Presenting Author:

Roky Truong, Research staff

Principal Investigator:

Brian Mustanski



Rectal STIs, Chlamydia trachomatis, Neisseria gonorrhea, YMSM, HIV/AIDS


Third Floor, Feinberg Pavilion, Northwestern Memorial Hospital

PH59 - Public Health & Social Sciences

Repeat Positivity following Rectal Chlamydia and Gonorrhea Diagnosis in YMSM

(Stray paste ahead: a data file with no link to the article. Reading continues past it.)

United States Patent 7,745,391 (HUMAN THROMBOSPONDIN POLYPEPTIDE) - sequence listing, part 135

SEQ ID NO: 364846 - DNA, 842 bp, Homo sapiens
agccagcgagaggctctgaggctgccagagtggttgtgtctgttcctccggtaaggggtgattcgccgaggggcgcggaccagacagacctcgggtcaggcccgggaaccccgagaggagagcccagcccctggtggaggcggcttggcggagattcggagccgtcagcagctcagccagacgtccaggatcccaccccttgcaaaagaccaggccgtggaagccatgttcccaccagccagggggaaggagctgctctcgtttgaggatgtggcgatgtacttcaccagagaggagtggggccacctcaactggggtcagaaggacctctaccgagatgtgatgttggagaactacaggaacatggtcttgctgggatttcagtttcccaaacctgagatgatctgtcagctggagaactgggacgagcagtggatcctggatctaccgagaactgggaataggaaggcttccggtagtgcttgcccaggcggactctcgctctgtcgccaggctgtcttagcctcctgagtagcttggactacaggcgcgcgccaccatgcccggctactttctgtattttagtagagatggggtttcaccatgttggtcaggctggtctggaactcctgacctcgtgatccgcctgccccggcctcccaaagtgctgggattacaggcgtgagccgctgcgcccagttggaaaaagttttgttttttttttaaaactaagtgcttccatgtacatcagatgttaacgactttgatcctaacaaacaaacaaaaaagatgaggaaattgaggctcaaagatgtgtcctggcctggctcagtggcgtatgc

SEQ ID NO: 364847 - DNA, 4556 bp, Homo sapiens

AIM: The prevalence of bacterial sexually transmitted infections (STIs) has remained high among young men who have sex with men (YMSM) in the U.S. Limited research, however, has examined demographic and behavioral correlates among those who persistently screen positive for STIs over time, particularly among sexual minority youth. This analysis compares incidence rates of both rectal Chlamydia trachomatis (RCT) and Neisseria gonorrhea (RNT) in a longitudinal cohort while also evaluating the likelihood of retesting positive one year follow-up. We hypothesize that having a positive screen for rectal STI at baseline will increase likelihood of retesting positive for an STI at follow-up. OBJECTIVE: To determine the incidence rates and demographic correlates of RCT and RNG among a cohort of YMSM in Chicago. Additionally, we aim to determine whether a baseline diagnosis of a rectal STI leads to a higher risk of testing positive at one year follow-up. SAMPLE: This study analyzes data from an on-going longitudinal cohort study of YMSM (aged 16 to 29) in Chicago (N=1078) during the period 2015-2017. METHODS: Data were collected at baseline with continuing six-month follow-up visits. At odd-numbered visits (i.e. V1 & V3), participants were screened for RCT and RNG using self-administered testing kits with results reported back to participants within one week. Those who tested positive were referred to clinics for treatment and to receive other sexual health resources. RESULTS: Among 1078 participants at baseline, 174 (16%) tested positive for a rectal STI: 96 (9%) tested positive for RNG and 110 (10.5%) tested positive for RCT. At the one year follow-up, among 808 participants, 130 (16%) again tested positive for a rectal STI – suggesting no change in the incidence rate for infections (p>0.05). Participants who tested positive for rectal STIs at baseline, compared to those who tested negative at baseline, were three times more likely to have also tested positive for rectal STIs follow-up (p<0.0001). Additionally, Black YMSM participants, compared to other YMSM, were 4 more likely to retest positive for RCT or RNG (p<0.001) as compared to white participants. HIV-positive participants, compared to HIV-negative participants, were twice as likely to test positive for rectal STIs at follow up (p<0.001). DISCUSSION: These results suggest that participants who tested positive for rectal STIs at baseline are also those most likely to test positive again at follow-up. Separately, Black and HIV positive YMSM are at greater risk of persistently testing positive. Future research should incorporate treatment history for STIs to develop a better understanding of whether these findings represent untreated infections or re-infections. Further research into the genetic makeup of specific rectal infections may be useful for determining if the infections at follow up are re-infections or wholly new infections